PRODUCED BY SIR FRODERICK AND DJ HARRISONART AND LAYOUT BY MITRA
The musical world of Lost Themes II is also a wider one than that of its predecessor. More electric and acoustic guitar help flesh out the songs, still driven by Carpenter's trademark minimal synth. This manifests itself brilliantly in songs like lead single "Distant Dream," which hitches a familiar Carpenterian beat to an expressive drum performance and rides it to a thrilling conclusion. The eerie "Angelâ€™s Asylum" lets an ethereal synth line command the first three-quarters of the song, before turning over the melody to an acoustic guitar, and "Virtual Survivor" delivers a blast of the sci-fi menace that characterized his great scores for films like Assault on Precinct 13 and They Live. Lost Themes II delivers eleven compelling new tracks for which fans can continue to score the movies in their minds.
In February of 2015, Grammy Award-winning band Snarky Puppy recorded Family Dinner Volume Two in front of a live studio audience with guest instrumentalists and vocalists from all over the world. A companion piece to the monumental album, this documentary/concert-film features exclusive candid interviews and acoustic performances from the guest artists. The project is a true testament for showing first-hand how music can be a bridge between diverse cultures from countries from all over the world to create a unifying musical statement for the average listener or the devout music-connoisseur. Double-vinyl LP format includes making-of DVD and complimentary album mp3 download card.
Bizarre Ride II The Pharcyde is, simply put, one of the most perfect albums in the history of recorded music regardless of genre. From the lyrical flow of Slimkid3, Bootie Brown, Imani and Fatlip to the cover art by Fuct the project is the embodiment of excellence start to finish. Musically, the foundation of this perfection is the production work of J-Swift. His use of jazz samples, phat beats and live instrumentation had the ultimate effect of “creating their own sonic utopia”, as NME put it. As such it’s more than fitting that Pharcyde’s Bizarre Ride II The Pharcyde be released as an all instrumental outing. Swift’s adventurous use of samples from jazz, R&B, funk, classic rock and more melded with his personal additions of live instrumentation including piano, bass, and Fender Rhodes along with drum arrangements from fellow producer JMD create a lush, jazzy soundscape that works well as a stand alone recording. Though the west coast’s predominant G-Funk sound of the time or the east coast’s conscious kings De La Soul may have sold more records at the time, The Pharcyde and J-Swift’s work on Bizarre Ride has stood the text of time and continues to resonate with fans new and old in a way that few records have or ever will.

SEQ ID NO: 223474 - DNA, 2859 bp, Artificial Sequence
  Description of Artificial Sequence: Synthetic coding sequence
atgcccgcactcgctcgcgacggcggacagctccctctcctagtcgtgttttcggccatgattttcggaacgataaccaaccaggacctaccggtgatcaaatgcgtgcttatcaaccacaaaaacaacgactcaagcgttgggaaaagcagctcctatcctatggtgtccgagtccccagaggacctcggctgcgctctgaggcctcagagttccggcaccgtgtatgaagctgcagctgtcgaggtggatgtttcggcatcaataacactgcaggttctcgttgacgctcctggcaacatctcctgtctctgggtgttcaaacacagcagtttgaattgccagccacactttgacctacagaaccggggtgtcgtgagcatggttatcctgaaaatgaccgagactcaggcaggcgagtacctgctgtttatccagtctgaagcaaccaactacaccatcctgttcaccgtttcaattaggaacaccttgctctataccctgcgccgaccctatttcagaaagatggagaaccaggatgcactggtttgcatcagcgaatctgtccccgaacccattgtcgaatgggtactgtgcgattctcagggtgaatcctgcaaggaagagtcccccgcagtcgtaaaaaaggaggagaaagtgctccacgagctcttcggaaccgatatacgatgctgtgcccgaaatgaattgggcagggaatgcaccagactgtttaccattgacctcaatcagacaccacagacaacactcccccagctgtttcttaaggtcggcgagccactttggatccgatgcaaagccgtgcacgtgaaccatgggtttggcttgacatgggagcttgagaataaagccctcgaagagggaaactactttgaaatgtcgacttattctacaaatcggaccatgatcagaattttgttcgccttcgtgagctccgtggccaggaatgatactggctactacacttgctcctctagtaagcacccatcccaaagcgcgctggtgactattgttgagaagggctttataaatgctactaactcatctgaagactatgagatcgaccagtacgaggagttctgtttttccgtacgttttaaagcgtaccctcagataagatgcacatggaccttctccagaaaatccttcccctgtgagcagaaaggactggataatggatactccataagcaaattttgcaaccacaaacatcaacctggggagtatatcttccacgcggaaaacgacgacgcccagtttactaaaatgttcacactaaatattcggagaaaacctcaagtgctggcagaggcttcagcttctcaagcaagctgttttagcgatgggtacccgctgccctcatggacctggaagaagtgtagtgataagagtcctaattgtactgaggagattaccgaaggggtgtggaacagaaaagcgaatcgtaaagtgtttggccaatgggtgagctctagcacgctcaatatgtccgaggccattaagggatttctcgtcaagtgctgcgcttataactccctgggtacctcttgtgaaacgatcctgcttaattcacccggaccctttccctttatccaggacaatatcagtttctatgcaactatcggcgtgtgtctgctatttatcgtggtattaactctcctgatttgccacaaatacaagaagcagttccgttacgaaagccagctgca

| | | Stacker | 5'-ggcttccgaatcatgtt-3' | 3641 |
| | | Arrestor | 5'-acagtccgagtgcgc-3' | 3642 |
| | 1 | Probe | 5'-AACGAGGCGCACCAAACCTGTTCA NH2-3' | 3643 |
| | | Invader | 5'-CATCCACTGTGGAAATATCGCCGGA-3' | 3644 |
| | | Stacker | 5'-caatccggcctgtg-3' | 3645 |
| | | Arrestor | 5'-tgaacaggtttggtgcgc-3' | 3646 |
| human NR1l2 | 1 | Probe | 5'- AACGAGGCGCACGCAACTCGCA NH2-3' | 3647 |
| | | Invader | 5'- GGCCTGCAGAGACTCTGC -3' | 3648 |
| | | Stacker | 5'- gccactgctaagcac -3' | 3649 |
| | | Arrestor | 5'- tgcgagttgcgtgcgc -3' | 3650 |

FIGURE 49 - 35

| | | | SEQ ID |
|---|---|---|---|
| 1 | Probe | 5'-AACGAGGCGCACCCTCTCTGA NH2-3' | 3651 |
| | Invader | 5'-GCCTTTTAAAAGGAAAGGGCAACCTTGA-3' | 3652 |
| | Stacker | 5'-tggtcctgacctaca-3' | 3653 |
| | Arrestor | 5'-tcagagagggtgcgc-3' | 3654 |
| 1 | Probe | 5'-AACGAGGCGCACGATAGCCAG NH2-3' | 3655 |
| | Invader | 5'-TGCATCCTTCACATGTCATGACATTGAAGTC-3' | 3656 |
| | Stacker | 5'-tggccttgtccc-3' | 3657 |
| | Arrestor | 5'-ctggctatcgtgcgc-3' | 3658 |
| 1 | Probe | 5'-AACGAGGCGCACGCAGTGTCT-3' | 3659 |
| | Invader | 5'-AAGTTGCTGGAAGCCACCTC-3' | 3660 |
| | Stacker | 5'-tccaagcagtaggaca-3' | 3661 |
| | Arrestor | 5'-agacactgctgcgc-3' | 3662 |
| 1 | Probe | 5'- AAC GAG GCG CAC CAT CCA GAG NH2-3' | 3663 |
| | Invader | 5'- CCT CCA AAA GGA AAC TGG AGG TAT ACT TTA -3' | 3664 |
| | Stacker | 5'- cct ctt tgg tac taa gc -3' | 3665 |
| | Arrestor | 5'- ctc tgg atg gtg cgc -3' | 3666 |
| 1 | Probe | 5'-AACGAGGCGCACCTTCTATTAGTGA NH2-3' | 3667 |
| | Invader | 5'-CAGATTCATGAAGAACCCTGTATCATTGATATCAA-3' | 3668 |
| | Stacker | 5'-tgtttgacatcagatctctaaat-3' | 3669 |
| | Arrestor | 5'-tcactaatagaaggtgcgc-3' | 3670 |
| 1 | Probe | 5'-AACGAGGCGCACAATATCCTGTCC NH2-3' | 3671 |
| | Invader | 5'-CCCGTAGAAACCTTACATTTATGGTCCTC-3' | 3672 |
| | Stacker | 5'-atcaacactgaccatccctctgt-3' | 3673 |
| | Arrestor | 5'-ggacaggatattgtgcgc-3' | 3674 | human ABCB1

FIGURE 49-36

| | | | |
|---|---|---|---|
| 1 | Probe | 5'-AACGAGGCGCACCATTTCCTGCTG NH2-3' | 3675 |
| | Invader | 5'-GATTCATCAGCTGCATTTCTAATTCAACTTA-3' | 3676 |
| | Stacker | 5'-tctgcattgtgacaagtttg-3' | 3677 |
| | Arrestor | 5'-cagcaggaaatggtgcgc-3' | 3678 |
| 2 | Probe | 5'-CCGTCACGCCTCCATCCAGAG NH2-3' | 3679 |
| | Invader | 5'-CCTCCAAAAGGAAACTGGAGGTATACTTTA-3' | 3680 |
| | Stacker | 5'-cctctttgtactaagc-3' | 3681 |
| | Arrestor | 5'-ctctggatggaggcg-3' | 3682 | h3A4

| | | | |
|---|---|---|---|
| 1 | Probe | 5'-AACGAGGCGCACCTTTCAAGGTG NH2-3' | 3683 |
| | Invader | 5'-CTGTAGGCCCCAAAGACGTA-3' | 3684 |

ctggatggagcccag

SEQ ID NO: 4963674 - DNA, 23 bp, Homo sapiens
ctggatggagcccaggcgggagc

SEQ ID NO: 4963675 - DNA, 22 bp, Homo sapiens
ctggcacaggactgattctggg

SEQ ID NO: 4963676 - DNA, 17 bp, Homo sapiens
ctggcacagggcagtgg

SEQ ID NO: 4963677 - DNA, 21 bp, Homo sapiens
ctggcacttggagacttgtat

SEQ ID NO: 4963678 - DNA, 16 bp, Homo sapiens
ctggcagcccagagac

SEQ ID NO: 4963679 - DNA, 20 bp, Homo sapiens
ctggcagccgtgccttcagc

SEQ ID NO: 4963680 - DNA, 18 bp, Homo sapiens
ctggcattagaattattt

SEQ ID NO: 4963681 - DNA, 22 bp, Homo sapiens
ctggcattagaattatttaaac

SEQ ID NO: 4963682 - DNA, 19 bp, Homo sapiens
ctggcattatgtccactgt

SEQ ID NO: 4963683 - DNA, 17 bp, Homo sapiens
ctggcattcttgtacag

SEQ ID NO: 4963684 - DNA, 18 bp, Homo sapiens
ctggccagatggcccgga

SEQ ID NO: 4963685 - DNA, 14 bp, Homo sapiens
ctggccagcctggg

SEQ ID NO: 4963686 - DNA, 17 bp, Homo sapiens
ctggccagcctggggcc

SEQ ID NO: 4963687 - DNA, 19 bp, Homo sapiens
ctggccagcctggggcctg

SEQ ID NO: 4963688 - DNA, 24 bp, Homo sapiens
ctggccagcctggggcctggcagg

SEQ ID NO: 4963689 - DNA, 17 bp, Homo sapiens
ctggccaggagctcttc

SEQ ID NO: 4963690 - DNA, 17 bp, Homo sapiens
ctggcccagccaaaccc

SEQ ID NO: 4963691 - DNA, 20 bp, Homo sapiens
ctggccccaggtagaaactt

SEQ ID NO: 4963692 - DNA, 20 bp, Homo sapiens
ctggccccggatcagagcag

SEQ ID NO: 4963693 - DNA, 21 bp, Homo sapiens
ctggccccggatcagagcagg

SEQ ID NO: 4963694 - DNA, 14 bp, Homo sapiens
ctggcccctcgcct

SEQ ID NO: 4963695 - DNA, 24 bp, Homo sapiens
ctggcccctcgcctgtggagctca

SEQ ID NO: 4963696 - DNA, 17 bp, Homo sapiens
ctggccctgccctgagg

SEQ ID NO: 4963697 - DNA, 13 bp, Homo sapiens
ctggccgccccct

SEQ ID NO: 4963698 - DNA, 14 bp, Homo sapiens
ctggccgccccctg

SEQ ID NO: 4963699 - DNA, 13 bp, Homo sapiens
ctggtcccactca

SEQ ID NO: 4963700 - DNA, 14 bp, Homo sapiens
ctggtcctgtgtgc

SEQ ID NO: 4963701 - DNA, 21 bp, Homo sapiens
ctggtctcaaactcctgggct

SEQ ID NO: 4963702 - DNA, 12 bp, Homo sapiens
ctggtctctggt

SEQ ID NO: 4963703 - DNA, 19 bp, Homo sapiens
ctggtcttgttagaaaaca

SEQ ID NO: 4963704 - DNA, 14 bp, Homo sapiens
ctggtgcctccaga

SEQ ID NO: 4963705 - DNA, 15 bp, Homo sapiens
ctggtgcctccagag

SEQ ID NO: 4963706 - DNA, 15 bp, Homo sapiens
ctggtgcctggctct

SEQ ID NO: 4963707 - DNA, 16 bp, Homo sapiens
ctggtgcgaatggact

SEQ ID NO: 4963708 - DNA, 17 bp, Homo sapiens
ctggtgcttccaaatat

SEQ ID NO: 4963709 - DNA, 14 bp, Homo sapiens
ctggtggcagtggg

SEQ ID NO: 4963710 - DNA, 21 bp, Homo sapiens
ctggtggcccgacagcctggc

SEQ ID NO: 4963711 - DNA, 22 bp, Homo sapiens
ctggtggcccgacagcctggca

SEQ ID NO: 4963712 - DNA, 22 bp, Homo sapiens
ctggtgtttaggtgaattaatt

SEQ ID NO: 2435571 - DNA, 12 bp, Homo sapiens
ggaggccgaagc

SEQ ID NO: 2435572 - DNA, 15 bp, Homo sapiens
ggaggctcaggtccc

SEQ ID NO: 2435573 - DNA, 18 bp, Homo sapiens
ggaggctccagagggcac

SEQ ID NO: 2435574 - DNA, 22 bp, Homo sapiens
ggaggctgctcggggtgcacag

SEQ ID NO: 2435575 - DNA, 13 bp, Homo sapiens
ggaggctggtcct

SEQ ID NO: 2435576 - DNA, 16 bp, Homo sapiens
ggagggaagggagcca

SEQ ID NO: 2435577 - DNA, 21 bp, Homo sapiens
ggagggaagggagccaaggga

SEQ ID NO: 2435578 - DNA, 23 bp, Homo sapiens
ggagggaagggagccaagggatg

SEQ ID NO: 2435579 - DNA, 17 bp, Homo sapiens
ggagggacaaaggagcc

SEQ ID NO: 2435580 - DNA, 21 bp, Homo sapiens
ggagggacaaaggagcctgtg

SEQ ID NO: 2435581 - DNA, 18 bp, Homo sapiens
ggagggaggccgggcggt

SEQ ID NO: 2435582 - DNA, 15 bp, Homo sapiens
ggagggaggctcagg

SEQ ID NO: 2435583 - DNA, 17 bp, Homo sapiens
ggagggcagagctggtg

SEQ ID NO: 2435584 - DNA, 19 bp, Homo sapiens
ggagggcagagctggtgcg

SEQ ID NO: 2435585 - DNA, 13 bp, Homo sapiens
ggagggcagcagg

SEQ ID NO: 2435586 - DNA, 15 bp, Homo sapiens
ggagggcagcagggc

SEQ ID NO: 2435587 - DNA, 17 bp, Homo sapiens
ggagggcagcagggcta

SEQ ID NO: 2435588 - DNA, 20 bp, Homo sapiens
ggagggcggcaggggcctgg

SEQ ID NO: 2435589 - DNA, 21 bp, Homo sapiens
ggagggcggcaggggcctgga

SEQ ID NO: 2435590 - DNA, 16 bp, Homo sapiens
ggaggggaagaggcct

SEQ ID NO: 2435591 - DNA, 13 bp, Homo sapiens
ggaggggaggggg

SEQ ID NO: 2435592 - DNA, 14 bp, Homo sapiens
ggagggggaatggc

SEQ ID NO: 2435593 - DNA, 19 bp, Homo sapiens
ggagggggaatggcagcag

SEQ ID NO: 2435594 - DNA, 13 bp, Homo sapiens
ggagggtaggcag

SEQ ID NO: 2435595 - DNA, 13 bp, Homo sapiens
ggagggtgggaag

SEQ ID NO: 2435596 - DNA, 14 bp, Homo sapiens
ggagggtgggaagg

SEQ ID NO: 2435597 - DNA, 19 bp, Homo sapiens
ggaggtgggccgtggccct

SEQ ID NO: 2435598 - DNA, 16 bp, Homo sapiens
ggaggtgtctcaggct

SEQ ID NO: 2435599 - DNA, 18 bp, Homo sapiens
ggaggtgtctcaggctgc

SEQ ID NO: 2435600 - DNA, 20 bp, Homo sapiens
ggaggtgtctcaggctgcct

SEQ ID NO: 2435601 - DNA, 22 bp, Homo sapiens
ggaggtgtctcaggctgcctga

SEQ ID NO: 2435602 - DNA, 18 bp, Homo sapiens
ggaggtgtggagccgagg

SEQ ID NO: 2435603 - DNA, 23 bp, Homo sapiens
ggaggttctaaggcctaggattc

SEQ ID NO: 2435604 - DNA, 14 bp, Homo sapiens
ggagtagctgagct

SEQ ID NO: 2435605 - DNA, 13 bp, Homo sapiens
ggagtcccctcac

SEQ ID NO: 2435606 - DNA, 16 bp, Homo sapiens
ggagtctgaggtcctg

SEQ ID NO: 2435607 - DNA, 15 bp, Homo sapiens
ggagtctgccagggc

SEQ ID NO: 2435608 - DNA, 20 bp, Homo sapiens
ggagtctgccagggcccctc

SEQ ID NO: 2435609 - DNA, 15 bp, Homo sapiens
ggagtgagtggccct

Returning after their Last Transmission collaborative album with Melvin Van Peebles, the Heliocentrics finish off their trawl through the vaults of tracks recorded at their old digs – Quatermass Studios – with psychedelic tinged funk and jazz instrumentals Rolling Stone describes as “…sprawling, with percussive patterns that suddenly morph into extraterrestrial sound blasts and opaque, detouring patterns.”
De La Soul and A Tribe Called Quest may have been more commercially successful, but the afrocentric, jazz political rap movement and unfadeable Native Tongue Massive started with the Jungle Brothers. Their debut full length “Straight Out the Jungle” opened up many doors that are walked through by today’s artists like Mos Def, Common and even Kanye West. Their taste for jazzy horn samples helped kick-start the entire jazz-rap movement, and their James Brown fixation was one of the first. Plus, the group’s groundbreaking collaboration with legendary house producer Todd Terry, “I’ll House You,” paved the way for numerous hip-house hybrids that shot up the dance and pop charts over the next few years and appeared to be a staple on every East Coast Rap Album from ‘88 until ‘92. The opening track “Straight Out the Jungle” samples the classic Bill Withers drum break as the JB’s tell you where they are coming from. “Black Is Black” (featuring a young Q-Tip) and “Sounds Of The Safari” introduces the pro-black edge, while the sexually subtle classics “Jimbrowski” and “I’m Gonna Do You” are funny, clever and timely. Hard, smart, fun, clever and brilliant, Mike G., Africa Baby Bam and Sammy G may not have realized it but they crafted a classic rap album that stands the test of time. Available here on high grade, loud pressed, double vinyl for the first time ever!